AUSTIN, Texas — One day after City of Austin crews found more toxic algae in local waterways, signs are still posted around Lady Bird Lake warning people to keep their dogs out of the water.

“On a good day, you’ll have probably like 20, 30 dogs just kind of running around playing, and dogs will just be kind of jumping off this ledge,” Austin resident David Morin said.

Morin has been taking his dog, Gus, to Lady Bird Lake for years, including one trip about two weeks ago. But when they got home, something was wrong.

“His front legs gave out,” Morin said. “And I thought, well, maybe something happened with his paw. I picked him up, brought him upstairs, and then he started kind of convulsing and I knew, OK, something’s going on.”

David carried his dog to the car and rushed to an emergency clinic. But by the time he got there, his dog had already died.

“Just real tragic, I mean really unexpected,” Morin said.

News of stories like David’s spread fast. Headlines here in Austin and across the country told the same story: people said their dogs died after swimming in a lake with algae in it.

“We shouldn’t have to worry about getting sick for ourselves or family members or a pet,” Environment Texas Executive Director Luke Metzger said.

Metzger analyzes and reports on water testing in his role with Environment Texas. Their report from last year analyzes water testing data from the Texas Commission on Environmental Quality. Local governments, like the City of Austin, submit water quality test results to TCEQ.

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But the state doesn’t actually require any water quality tests for a lot of waterways, including Lady Bird Lake, where thousands of people and pets come in contact with the water every month.

“No, that’s absurd,” Metzger said. “And for there to be absolutely no requirements is just unacceptable in this day and age.”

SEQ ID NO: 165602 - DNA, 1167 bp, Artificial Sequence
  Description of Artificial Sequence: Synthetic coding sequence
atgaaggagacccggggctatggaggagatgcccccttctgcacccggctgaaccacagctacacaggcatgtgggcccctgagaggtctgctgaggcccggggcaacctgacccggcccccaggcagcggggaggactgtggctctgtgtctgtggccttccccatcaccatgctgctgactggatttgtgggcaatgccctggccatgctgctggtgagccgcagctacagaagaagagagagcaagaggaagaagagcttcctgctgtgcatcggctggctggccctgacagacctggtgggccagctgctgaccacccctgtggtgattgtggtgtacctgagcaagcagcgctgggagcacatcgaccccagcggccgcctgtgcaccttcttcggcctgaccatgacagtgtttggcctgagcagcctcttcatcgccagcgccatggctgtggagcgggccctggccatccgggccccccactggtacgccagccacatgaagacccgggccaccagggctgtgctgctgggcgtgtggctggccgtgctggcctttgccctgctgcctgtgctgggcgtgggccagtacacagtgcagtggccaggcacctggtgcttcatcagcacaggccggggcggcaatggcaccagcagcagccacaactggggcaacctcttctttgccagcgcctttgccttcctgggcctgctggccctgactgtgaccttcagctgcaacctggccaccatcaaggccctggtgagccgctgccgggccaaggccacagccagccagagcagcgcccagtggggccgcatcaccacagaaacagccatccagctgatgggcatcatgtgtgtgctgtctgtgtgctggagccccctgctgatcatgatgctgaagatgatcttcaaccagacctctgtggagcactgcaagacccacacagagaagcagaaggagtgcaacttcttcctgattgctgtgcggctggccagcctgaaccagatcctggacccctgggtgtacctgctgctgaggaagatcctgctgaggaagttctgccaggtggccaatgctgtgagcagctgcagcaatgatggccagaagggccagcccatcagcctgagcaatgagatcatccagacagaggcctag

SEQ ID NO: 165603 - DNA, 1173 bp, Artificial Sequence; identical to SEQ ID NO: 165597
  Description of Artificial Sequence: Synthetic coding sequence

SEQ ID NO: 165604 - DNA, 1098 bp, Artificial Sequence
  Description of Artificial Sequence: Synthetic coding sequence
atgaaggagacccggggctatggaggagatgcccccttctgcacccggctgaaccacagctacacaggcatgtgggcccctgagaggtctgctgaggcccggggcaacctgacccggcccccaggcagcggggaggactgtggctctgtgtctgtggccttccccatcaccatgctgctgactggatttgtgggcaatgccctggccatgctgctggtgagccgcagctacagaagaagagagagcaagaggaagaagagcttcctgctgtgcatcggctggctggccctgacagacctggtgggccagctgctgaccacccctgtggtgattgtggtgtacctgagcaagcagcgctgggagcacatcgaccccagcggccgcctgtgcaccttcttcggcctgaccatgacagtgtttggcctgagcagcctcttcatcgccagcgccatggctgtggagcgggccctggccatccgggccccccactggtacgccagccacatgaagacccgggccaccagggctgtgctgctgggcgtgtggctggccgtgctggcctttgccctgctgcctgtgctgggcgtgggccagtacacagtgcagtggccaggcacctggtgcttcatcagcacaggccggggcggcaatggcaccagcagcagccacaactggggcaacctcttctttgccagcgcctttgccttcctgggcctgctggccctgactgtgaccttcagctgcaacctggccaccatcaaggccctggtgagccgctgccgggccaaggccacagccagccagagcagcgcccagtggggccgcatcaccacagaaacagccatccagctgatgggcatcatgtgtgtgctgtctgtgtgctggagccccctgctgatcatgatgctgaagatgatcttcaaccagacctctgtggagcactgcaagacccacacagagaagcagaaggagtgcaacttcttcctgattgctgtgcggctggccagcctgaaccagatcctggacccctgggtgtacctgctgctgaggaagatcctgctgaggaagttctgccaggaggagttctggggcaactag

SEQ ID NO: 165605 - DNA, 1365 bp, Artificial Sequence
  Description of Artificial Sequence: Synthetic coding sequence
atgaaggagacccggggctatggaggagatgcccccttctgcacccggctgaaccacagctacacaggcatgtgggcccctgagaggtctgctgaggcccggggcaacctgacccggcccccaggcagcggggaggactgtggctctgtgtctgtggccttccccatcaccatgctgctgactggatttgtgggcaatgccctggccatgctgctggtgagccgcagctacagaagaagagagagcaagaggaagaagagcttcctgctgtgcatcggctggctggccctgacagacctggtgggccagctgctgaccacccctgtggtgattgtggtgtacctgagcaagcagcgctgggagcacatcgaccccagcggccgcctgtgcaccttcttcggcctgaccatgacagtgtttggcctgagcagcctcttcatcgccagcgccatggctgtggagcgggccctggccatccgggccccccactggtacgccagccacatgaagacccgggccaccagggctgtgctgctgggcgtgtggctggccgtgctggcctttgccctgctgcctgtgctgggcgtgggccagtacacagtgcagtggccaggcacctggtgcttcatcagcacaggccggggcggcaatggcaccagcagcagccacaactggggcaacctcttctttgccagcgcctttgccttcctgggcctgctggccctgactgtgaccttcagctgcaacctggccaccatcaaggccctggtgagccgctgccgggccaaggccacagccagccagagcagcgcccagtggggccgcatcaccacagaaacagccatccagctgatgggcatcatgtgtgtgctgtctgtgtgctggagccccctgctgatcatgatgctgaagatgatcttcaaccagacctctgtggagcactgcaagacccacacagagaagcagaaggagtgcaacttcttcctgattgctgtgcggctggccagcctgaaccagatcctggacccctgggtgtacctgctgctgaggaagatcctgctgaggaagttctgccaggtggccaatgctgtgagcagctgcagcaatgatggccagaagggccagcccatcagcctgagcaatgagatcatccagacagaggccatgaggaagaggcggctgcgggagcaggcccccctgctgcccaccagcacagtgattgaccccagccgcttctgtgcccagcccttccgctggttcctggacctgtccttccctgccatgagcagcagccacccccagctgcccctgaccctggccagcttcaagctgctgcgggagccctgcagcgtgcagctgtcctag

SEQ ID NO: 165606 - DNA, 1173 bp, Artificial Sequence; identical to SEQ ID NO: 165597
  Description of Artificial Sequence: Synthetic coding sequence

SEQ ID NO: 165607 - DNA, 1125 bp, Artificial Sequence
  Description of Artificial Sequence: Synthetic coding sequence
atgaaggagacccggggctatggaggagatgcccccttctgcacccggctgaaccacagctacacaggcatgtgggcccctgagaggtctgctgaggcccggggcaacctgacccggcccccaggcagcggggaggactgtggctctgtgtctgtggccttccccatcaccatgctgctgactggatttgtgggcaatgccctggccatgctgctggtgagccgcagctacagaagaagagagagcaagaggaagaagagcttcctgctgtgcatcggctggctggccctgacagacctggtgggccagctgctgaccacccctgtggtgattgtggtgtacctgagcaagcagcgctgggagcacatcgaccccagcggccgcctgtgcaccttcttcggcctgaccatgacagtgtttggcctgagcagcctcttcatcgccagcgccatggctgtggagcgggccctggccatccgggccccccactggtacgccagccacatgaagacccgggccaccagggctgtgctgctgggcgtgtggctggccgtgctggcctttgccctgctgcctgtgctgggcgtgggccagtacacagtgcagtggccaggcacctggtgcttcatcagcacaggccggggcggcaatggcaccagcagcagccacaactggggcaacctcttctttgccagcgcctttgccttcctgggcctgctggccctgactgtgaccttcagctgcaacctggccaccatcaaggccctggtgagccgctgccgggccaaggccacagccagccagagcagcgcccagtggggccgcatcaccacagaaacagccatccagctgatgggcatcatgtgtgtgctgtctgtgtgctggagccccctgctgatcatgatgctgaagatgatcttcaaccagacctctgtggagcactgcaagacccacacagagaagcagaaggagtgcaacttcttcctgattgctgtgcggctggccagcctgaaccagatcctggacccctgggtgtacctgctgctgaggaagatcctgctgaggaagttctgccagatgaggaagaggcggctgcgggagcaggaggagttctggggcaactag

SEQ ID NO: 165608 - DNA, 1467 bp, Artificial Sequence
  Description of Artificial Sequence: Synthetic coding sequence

TCEQ officials refused to speak with the KVUE Defenders on camera, but agency officials said in an email there are no requirements “to conserve public funds” and “provide flexibility” for local governments.

“Due to limited resources available to support monitoring efforts, and the need to cover the entirety of the state, quarterly sampling is sufficient to determine a baseline of water quality in most areas,” a TCEQ spokesperson said in the email.

“Testing should be required, we need far more testing than we have right now, and that data needs to be accessible to the public,” Metzger said.

The state does have some requirements for water testing.

Beaches are tested once a week during the summer, and once every other week the rest of the year. You can easily find those bacterial levels online.

Even streams need testing at least twice per year. But TCEQ has no set requirements for reservoirs, like Lady Bird Lake. The agency suggests four times per year.

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Officials with the City of Austin said their crews test the water nine times per year, but those results aren’t easy to find on the City’s website. People need to search "water quality" on the city's data portal, then interpret a spreadsheet of test results.

“You know, it does sound pretty low,” Morin said of the water testing frequency at Lady Bird Lake. “It really does.”

Even though people aren’t allowed to swim in Lady Bird Lake, they are still on the water every day.

As Morin thinks back to the day he was at the water with his dog Gus, he’s frustrated someone did not know about the water quality before dogs started dying.

Morin now wants to see more frequent testing, or at least regulations for how often water quality should be checked at Lady Bird Lake.

“You would think that somebody, whether it’s the city, state, somebody would be saying, ‘Hey, guys, are we making sure this water is safe for use?’” Morin said.

Travis County crews test the water at Hamilton Pool Preserve, which is another Austin waterway that a lot of people use. A representative from the county said they test that water at least once per week, compared to nine times a year at Lady Bird Lake.

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